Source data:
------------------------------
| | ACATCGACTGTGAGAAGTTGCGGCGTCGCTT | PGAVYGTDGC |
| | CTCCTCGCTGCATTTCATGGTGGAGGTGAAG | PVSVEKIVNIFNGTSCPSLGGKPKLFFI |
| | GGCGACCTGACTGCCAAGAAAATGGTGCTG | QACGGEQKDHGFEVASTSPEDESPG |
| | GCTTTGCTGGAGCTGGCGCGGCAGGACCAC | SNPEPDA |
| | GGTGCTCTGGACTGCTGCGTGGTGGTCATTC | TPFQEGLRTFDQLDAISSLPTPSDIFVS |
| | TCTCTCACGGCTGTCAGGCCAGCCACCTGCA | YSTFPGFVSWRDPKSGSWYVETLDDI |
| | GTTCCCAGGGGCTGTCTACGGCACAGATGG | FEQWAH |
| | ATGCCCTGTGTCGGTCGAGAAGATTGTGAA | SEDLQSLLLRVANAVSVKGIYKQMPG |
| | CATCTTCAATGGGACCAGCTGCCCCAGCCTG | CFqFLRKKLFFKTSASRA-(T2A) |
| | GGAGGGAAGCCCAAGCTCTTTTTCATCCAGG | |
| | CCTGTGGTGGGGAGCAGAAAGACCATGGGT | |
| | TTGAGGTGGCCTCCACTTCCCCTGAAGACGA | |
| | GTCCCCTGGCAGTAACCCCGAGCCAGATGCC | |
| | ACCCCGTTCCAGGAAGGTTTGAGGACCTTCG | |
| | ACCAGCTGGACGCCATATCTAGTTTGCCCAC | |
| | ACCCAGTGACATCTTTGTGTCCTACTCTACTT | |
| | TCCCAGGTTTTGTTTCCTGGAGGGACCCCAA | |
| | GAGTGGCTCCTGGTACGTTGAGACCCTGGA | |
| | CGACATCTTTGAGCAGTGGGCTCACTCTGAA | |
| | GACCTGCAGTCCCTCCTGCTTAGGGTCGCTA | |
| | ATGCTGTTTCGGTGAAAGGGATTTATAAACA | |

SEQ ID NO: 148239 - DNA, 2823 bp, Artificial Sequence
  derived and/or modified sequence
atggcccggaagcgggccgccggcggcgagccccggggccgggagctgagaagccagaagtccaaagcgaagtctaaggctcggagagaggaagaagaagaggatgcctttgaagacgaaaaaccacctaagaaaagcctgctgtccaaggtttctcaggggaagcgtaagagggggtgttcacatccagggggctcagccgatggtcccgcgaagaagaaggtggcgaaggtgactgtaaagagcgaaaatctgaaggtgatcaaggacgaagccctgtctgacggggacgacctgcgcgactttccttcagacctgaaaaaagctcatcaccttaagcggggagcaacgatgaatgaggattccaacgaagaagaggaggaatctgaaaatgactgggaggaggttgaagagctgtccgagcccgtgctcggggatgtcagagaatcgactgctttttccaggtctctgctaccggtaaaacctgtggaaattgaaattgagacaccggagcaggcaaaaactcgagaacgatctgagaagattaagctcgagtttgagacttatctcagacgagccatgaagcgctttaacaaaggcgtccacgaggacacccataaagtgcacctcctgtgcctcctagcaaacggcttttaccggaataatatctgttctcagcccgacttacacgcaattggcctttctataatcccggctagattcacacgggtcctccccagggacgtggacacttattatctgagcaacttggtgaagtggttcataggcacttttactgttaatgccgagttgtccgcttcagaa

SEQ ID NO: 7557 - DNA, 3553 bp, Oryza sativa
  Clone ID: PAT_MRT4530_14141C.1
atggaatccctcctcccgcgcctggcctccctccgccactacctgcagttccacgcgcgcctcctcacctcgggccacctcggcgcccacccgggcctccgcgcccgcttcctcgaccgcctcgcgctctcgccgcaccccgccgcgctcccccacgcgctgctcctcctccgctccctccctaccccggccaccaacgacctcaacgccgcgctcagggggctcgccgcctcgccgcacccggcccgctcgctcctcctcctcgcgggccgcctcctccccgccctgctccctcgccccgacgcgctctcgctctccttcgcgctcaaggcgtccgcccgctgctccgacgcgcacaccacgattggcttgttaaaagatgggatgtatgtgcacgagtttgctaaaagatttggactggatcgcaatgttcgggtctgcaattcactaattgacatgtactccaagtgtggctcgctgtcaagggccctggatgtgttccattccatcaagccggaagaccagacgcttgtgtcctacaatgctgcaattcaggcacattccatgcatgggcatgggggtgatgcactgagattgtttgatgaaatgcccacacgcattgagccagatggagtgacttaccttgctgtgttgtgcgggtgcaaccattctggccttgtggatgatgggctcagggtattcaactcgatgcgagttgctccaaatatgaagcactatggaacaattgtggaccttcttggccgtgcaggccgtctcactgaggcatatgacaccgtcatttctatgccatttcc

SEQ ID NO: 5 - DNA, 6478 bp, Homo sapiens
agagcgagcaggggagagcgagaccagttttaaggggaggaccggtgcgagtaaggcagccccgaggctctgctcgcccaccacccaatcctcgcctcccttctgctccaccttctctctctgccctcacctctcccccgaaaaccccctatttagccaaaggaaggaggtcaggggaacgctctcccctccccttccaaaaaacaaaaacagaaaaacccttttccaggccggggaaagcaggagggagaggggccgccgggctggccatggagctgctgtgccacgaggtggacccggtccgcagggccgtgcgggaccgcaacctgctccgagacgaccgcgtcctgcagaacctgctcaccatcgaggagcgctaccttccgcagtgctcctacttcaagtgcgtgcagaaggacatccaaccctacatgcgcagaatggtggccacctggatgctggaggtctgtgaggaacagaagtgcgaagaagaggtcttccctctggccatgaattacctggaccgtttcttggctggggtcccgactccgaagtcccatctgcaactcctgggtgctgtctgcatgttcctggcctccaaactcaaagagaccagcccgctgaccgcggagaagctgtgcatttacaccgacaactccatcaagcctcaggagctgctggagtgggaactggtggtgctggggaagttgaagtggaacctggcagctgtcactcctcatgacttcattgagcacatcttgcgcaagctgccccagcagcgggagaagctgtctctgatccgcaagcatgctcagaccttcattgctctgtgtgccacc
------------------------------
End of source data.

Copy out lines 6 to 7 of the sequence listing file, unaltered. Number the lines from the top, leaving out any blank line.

| | TCTCTCACGGCTGTCAGGCCAGCCACCTGCA | YSTFPGFVSWRDPKSGSWYVETLDDI |
| | GTTCCCAGGGGCTGTCTACGGCACAGATGG | FEQWAH |